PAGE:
Enigma Of Identity

If somebody at home (read husband) applies for a ATM/ Credit card, the best thing to do would be to abscond from home, and allow husband dear handle the courier man who comes to deliver the card. If you are around, you will be made to experience the worst kind of identity crisis.

I experienced this when my husband was issued a Debit card – I do not understand how a Debit card is different from a Credit card and for that matter until that day I did not know that something called a Debit card existed. 

I possess a Credit card; I use the card wherever they are accepted. Unfortunately, I cannot make purchases that are important to me personally using a Credit card. The Horticulture of Madras and the nurseries where I buy plants do not accept Credit cards and Nalini who owns the Bookshop Giggles from where I buy my books turns pale when I flash my Credit card. The people I interact with are many decades behind time. So I use Credit card to buy groceries, to me Credit cards are associated with mundane aspects of life.

When the courier man rang the bell one quiet Saturday afternoon to deliver the card, little did I realize that a card that was a humdrum could send me on a soul-searching trip. He asked for my identification proof. He asked me how I was related to the person addressed on the package that he had brought to deliver. “Wife,” I said. Thankfully, he believed that. He looked at my father-in-law and gave me an enquiring look, “His father,” I said pointing to the cover. “I want a proof of your identity,” he said, “Any of these will do – Pan card, Passport, Driver’s license, Ration card, Voter’s id.” It was then I realized that I did not possess most of these – no Ration card, no Voter’s id, no Passport and I knew that I would have to turn the house over to locate my Pan card or my defunct Driver’s license and I was in no mood to look for these.  I was annoyed that I was pulled away from Naipaul, and I could not take this interruption in a casual way as I would if a delivery boy came to disturb me to deliver a cooking gas cylinder. Here was a young man calling me up to question my identity, that too on a beatific Saturday afternoon that held portents of an evening shower. I looked at the courier man combatively, I picked an argument with him, “If I were a home maker I will not have a Pan card, and not everyone need have a Passport. I do not any way have a Ration card or Voter’s id. So what can be done now? Having none of these does not make me any less who I am.”

The man looked at me blankly, and said, “Madam, you have none of these? Then you cannot collect the courier. I will come when your husband is at home.” I was angry that he completely missed my point. I was not worried about the package at all. Here was a matter of larger significance. The man, innocent of his own motives, was insinuating that I did not have an identity according to parameters laid by banks / organizations that call forth certain documents to endorse my identity.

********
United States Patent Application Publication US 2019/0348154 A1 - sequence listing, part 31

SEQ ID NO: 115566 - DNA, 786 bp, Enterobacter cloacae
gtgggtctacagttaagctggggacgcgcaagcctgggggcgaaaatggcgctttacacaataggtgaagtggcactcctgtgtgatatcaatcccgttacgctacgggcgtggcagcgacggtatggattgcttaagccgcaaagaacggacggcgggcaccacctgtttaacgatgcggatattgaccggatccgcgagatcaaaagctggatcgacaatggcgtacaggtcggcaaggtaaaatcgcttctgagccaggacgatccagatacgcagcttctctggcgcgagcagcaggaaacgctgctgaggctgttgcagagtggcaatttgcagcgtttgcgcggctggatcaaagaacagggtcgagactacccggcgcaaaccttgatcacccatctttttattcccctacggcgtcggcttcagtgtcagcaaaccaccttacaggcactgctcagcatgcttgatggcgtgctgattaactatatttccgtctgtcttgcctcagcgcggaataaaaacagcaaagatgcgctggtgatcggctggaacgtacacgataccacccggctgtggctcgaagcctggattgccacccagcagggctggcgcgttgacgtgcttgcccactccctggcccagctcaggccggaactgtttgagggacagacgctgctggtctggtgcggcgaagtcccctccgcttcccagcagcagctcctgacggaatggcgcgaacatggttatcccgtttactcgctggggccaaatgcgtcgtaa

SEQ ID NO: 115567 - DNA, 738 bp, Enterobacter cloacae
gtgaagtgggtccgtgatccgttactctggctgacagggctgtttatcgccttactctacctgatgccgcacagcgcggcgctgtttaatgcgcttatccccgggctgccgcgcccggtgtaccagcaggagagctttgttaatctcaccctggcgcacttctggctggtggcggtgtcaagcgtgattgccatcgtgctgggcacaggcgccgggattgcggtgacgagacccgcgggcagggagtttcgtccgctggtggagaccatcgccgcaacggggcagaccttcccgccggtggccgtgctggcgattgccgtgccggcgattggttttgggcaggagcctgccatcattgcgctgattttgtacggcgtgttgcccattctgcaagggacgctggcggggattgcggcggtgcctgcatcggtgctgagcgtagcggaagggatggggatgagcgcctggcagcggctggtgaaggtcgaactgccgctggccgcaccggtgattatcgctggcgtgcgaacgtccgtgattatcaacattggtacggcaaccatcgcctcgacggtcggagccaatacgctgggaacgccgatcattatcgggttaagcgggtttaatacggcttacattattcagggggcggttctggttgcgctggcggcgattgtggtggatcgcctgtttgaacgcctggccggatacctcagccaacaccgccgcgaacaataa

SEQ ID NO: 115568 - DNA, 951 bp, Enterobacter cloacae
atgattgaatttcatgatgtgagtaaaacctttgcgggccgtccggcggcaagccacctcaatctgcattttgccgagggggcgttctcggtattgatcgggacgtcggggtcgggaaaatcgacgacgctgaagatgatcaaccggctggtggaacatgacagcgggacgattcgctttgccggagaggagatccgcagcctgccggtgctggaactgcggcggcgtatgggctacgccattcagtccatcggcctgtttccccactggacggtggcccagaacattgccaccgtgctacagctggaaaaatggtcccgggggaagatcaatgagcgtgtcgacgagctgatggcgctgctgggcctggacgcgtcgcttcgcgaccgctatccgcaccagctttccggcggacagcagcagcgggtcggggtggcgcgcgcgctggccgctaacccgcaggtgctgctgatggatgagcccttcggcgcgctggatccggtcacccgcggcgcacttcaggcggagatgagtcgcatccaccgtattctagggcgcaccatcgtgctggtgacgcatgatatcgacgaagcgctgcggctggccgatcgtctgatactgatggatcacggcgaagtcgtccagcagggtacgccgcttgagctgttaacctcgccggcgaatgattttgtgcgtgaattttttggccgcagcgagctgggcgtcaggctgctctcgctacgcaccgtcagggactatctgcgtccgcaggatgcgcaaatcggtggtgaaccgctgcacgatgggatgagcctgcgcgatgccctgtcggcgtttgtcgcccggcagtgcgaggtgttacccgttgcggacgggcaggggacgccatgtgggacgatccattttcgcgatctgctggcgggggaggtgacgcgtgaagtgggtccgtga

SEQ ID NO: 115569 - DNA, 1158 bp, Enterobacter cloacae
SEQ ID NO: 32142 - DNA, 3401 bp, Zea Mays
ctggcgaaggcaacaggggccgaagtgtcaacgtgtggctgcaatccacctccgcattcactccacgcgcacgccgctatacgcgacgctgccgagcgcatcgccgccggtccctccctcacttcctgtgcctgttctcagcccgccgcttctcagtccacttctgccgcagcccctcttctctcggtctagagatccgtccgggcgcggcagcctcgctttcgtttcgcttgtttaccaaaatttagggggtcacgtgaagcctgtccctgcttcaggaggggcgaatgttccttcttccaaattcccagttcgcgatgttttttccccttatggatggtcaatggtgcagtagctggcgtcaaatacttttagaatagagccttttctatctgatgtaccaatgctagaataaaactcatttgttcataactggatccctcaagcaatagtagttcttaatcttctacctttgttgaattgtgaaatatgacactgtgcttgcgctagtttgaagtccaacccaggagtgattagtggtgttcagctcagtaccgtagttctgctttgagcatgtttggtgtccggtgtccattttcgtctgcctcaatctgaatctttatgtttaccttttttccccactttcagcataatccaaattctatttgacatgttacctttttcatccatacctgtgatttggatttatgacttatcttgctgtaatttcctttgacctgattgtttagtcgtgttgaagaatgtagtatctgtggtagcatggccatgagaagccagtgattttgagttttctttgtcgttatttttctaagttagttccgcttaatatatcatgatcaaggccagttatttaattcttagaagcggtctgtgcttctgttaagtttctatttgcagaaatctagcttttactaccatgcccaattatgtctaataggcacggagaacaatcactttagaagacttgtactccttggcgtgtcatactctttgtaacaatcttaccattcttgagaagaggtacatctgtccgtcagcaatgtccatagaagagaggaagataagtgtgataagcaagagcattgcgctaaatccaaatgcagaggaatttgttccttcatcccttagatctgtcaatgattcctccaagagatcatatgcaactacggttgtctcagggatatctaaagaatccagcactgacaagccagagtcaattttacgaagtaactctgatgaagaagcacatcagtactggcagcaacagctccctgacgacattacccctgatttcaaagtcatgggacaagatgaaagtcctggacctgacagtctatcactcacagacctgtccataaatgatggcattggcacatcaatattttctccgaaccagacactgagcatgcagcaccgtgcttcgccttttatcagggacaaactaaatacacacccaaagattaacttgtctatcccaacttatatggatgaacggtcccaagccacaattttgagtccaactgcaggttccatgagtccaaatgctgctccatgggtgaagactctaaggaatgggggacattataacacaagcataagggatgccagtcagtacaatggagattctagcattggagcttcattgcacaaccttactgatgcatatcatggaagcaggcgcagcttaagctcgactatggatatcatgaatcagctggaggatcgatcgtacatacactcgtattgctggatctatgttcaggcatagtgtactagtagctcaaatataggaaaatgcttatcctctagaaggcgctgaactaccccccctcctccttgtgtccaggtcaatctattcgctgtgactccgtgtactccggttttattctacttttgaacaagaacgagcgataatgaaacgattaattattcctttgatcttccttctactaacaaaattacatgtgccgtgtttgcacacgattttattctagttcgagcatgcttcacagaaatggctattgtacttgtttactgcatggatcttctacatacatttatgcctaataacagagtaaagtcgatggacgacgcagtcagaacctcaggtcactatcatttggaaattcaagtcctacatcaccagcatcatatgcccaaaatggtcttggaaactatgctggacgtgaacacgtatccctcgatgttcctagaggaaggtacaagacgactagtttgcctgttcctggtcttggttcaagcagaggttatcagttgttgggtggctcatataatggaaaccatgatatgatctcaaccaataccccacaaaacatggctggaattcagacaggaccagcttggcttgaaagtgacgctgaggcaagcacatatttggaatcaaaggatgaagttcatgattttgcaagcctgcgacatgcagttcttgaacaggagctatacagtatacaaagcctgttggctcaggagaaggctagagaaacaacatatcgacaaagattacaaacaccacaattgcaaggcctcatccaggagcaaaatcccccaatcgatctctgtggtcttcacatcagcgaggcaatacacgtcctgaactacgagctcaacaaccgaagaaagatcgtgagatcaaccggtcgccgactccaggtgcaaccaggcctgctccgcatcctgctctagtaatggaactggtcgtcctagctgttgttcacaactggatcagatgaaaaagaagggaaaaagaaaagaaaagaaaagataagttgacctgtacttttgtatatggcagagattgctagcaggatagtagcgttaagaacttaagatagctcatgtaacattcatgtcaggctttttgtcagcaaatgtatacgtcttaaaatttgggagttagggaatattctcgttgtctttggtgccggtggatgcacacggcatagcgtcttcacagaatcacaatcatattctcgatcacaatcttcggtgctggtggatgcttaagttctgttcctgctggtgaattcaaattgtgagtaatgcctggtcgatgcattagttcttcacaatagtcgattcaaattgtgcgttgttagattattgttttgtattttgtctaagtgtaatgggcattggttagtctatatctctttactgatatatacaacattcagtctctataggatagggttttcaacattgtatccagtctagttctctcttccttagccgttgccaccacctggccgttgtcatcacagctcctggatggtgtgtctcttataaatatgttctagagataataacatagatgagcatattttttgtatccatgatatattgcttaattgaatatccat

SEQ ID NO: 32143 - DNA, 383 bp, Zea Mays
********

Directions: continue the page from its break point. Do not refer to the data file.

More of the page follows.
My father-in-law who got my point wanted to bring the situation under control, he offered to produce his own identification documents. The man was relieved; he was not prepared to make another trip to such an unpleasant customer. My father-in-law thankfully has a Passport; he went in to fetch it. He only then remembered that he had given it to my brother-in-law for renewal. “Never mind,” he told me, “I will show the National Award I received for meritorious service as a teacher; this has my photo as well. Photo identification, you know,” he told his worldly unwise daughter-in-law.

The courier man looked at the card and was puzzled, “Is this your Passport, Sir?” he asked. “No, some thing more valuable than a Passport,” he said with pride, “This is the award I got from the President of India for my meritorious service as a teacher.” “But this is not a Ration card or Passport, Sir,” he persisted; here was a man who valued a mundane Ration card more than National Award. We told this to him. The man could not make up his mind who was more difficult – the daughter-in- law or the father-in-law.

He steeled himself for further onslaughts and said to himself, here is a duo putting my patience to test; I should not lose my cool and I should no further take things lying down. He asked slowly and calmly, looking intently at my father-in-law, “You do not have a Voter’s id, Sir?” Even as he asked this, I visualized his emphasis – bold and italicized. I read the subtext immediately, he meant that my father-in-law appeared like a responsible citizen who cast his vote and partook in the government machinery to make democracy work. I glared at the young man who was many years younger than I was.

To diffuse the situation my father-in-law packed him away and asked him to come on Monday or after 8 p.m the same day when my husband would be present. I did not care to find out how the story ended, as I told earlier the package did not interest me at all. There was the larger issue if identity.